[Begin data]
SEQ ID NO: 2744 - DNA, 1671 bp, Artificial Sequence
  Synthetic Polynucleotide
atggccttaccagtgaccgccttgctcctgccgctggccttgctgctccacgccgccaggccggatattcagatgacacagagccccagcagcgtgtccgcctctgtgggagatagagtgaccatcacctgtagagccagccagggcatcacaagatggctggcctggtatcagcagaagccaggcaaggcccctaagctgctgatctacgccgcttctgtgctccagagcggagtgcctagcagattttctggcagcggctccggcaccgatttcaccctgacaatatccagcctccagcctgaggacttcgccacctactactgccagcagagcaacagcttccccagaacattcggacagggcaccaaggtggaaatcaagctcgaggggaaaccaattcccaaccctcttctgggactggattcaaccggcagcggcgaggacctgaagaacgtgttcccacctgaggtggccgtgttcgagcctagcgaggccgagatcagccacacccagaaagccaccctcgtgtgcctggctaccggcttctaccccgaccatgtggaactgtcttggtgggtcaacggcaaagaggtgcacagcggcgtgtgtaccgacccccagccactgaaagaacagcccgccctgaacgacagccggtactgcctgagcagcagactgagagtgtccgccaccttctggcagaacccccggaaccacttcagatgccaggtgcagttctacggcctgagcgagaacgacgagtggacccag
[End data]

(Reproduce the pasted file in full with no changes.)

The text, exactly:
SEQ ID NO: 2744 - DNA, 1671 bp, Artificial Sequence
  Synthetic Polynucleotide
atggccttaccagtgaccgccttgctcctgccgctggccttgctgctccacgccgccaggccggatattcagatgacacagagccccagcagcgtgtccgcctctgtgggagatagagtgaccatcacctgtagagccagccagggcatcacaagatggctggcctggtatcagcagaagccaggcaaggcccctaagctgctgatctacgccgcttctgtgctccagagcggagtgcctagcagattttctggcagcggctccggcaccgatttcaccctgacaatatccagcctccagcctgaggacttcgccacctactactgccagcagagcaacagcttccccagaacattcggacagggcaccaaggtggaaatcaagctcgaggggaaaccaattcccaaccctcttctgggactggattcaaccggcagcggcgaggacctgaagaacgtgttcccacctgaggtggccgtgttcgagcctagcgaggccgagatcagccacacccagaaagccaccctcgtgtgcctggctaccggcttctaccccgaccatgtggaactgtcttggtgggtcaacggcaaagaggtgcacagcggcgtgtgtaccgacccccagccactgaaagaacagcccgccctgaacgacagccggtactgcctgagcagcagactgagagtgtccgccaccttctggcagaacccccggaaccacttcagatgccaggtgcagttctacggcctgagcgagaacgacgagtggacccag